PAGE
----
First published February 14, 2017
We often find it hard to comprehend how a seemingly godly non-Christian is in fact ungodly. Romans chapter 8 says, "Those in the flesh cannot please God." We see this as unjust. Clearly, my non-Christian neighbour should be saved if they're lovely!
This question came up with a friend while we were reading the Bible. A helpful story came to mind. May it be a help to you when these questions plague you or one of your friends.
Sarah hit her alarm clock at 5am. She really wanted to keep sleeping, counseling a grieving friend late at night was quite draining, but she got up anyway. Getting on her bike she rode down to the homeless shelter, where she helped distribute food to those in need.
At 7am, she was at the local hospital, beginning her shift as a nurse. She took on showering and helping toilet patients because she knew it was the right thing to do. She was very humble which made her an admirable character.
At 12pm, she was called into the office for a meeting. She had been promoted! Beginning next week she would be head nurse on another floor. Walking out of the office she was ecstatic and began planning small leaving presents for her current colleagues.
At 4pm (an hour after her shift finished) she left the ward to go to the gym. Sarah was very active and this was the half an hour where she got some downtime to think and plan. Her boyfriend was coming into town the next day. She was so excited; this would be their first night spent together. It would be perfect. She could hardly wait!
By 5.30pm, Sarah was at home cooking dinner. Noticing the answer machine she listened to the new message. As the voice began to speak she quickly deleted the message. She had no time for her father. He was always trying to mess with her life and she hated it.
I could go on and on about all of Sarah's good works: her giving to multiple charities, volunteering at local council events, her being a feminist and social activist. She is a good person right?
The only blip on her record is her treatment of her father—but it could be deserved. He may be abusive and controlling.
Sarah's father's story
Well, here's the story from his side.
Mark loved his daughter. He had sacrificed so much for her! Complications with her birth meant that Lucy, his wife, had died. They had made that decision together, so Mark didn't regret it, but he still loved Lucy and had never remarried.
Sarah showed a lot of potential and compassion for others growing up. But she never seemed to bond well with Mark—and that hurt. Mark provided her with the best food to make her strong, the best education to grow her intelligence, the best home so she could feel safe when she slept. He accompanied her to all the after school activities she chose. Yet she never thanked him.
Sarah was spoilt with good things, but she was also disciplined. Mark discovered she had bunked a few lessons in high school and as a consequence he had not tutored her in that subject. Her lack of effort that term meant she failed one of her exams, for which she blamed Mark. Obviously it wasn't his fault, but she didn't care.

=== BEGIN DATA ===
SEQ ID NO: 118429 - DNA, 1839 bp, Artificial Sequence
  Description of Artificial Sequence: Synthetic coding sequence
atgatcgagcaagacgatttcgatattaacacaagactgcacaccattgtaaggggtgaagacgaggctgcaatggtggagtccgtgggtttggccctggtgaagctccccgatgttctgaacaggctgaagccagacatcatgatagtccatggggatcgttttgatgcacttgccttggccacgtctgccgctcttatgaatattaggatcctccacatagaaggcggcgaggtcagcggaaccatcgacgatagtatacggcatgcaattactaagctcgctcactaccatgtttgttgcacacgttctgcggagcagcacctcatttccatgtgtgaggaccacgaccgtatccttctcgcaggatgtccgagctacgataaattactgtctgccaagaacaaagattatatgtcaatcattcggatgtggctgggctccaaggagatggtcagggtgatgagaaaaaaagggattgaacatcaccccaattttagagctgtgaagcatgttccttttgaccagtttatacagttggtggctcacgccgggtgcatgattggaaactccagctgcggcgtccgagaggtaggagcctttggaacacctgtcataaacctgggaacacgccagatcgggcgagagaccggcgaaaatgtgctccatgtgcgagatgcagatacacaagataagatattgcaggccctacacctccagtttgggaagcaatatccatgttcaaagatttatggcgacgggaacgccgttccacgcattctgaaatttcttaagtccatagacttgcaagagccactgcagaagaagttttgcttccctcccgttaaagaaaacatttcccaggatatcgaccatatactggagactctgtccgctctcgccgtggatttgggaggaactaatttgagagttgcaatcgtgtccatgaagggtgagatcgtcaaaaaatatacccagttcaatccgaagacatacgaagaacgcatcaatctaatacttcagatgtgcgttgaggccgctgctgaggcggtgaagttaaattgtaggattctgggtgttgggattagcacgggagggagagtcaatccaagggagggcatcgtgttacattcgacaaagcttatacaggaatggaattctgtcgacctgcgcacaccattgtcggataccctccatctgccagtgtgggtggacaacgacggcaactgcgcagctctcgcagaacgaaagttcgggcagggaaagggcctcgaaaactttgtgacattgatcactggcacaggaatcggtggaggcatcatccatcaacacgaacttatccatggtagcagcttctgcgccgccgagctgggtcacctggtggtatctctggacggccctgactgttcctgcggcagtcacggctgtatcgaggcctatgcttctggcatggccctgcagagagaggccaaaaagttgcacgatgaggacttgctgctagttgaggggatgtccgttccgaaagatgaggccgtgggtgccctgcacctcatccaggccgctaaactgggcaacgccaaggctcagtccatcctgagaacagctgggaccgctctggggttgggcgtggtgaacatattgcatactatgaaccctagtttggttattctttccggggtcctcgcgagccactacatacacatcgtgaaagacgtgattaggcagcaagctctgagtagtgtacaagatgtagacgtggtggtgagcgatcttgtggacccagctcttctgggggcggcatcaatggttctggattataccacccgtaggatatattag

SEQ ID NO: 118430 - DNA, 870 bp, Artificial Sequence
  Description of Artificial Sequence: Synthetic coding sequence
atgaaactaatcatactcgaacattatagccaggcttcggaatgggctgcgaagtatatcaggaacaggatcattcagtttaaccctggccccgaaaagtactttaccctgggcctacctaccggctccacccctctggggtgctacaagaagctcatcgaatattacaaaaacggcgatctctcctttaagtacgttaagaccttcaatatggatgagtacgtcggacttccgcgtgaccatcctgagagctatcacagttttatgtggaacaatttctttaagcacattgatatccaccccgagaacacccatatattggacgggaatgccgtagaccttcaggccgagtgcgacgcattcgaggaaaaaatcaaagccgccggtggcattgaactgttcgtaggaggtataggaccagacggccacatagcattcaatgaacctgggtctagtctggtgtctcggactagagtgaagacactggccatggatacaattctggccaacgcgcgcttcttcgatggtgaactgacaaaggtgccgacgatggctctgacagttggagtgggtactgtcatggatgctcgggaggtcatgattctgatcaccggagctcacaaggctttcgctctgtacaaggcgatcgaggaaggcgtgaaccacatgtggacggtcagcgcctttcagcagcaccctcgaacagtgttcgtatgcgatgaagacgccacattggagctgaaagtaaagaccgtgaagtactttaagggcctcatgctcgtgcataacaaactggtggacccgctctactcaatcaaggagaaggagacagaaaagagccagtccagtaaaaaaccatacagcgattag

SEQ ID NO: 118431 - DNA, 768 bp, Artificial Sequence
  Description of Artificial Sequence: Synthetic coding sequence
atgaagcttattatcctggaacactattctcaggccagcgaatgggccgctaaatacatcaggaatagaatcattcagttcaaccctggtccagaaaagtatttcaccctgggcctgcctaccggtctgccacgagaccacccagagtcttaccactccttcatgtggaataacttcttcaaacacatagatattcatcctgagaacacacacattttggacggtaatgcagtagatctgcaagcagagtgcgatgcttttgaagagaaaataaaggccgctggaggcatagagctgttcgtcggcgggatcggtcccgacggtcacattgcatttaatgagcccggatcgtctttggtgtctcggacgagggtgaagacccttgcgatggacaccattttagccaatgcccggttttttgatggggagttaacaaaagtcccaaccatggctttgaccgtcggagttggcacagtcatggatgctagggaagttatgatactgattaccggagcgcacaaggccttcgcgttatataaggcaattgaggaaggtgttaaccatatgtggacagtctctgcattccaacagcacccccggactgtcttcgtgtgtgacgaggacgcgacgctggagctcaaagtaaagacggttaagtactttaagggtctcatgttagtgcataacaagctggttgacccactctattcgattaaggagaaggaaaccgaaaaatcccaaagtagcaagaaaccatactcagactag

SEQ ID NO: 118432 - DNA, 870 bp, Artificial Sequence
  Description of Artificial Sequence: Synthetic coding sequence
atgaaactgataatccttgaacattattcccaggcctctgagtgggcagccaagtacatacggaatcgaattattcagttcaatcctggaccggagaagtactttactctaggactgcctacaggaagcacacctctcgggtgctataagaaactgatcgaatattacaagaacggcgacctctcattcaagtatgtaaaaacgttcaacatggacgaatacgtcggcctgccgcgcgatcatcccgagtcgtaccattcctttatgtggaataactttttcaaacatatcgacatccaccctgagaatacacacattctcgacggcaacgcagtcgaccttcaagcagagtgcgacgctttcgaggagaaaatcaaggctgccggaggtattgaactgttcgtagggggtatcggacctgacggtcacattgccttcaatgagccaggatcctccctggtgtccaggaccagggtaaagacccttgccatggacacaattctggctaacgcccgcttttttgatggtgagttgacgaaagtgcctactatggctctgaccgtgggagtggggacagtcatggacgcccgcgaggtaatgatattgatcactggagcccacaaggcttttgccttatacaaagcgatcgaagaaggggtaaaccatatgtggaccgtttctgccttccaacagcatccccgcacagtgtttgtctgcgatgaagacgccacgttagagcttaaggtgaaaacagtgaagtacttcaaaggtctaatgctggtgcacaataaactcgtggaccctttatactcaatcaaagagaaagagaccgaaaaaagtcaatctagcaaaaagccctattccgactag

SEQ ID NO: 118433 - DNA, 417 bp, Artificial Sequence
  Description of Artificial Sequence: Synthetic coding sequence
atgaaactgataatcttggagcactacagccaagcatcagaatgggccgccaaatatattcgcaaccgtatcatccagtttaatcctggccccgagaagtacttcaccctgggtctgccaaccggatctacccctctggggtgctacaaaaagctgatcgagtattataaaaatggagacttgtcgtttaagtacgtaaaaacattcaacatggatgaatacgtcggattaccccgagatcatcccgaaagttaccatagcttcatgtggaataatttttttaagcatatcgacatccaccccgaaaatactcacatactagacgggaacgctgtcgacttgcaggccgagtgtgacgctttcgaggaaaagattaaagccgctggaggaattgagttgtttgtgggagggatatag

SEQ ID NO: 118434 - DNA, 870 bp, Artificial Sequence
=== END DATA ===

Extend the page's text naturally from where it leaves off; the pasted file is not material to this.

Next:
A boyfriend then came on the scene, and Mark cautioned her that having sex without commitment was destructive. She slept with him anyway, only to be dumped a few months later. Hurting, she blamed Mark for their break up, saying he had been overbearing with his advice.
Nursing was the next big move. Mark continued to pay for her education, but Sarah ignored him. She moved into a studio, which Mark paid for and she still lives there now. Mark continually sends her gifts, which Sarah takes, but never acknowledges him for.
It is fair to say Sarah hates Mark. She is happy to continue using his resources without ever thanking him for them. She has now begun pretending he doesn't exist. Even if he did exist, there are awful things that happen to friends around her, so why wasn't he helping them?
How do we treat our Father?
Now again I ask, is Sarah a good person? I wouldn't deny she is doing a lot of amazing things with her life. But this good doesn't make her a good person when it comes to how she treats her father.
In the same way seemingly godly non-Christians show that they are not truly good by how they treat the one they should call Father; the one who made everyone and died to set those who believe free is ignored and hated, his gifts abused.
One aspect of Mark's character which doesn't come out so clearly in the story is his justness. Things will not continue in the same way forever: one day there will come a time when enough is enough. Sarah will find that she is unable to access Mark's love anymore. The sad thing about it? She won't even want it nor realize how much she needs it until it is too late.
But we all need a Father's love. We all need God and his love. He is the true good and our measure for understanding what makes a good person.
Rachel Bartlett lives in Christchurch, New Zealand with her husband James and her puppy Pip. She works part-time as a staff worker for Christian Union at Canterbury University and the day she wrote this was her Birthday.
Rachel Bartlett's previous articles may be viewed at http://www.pressserviceinternational.org/Rachel-Bartlett.html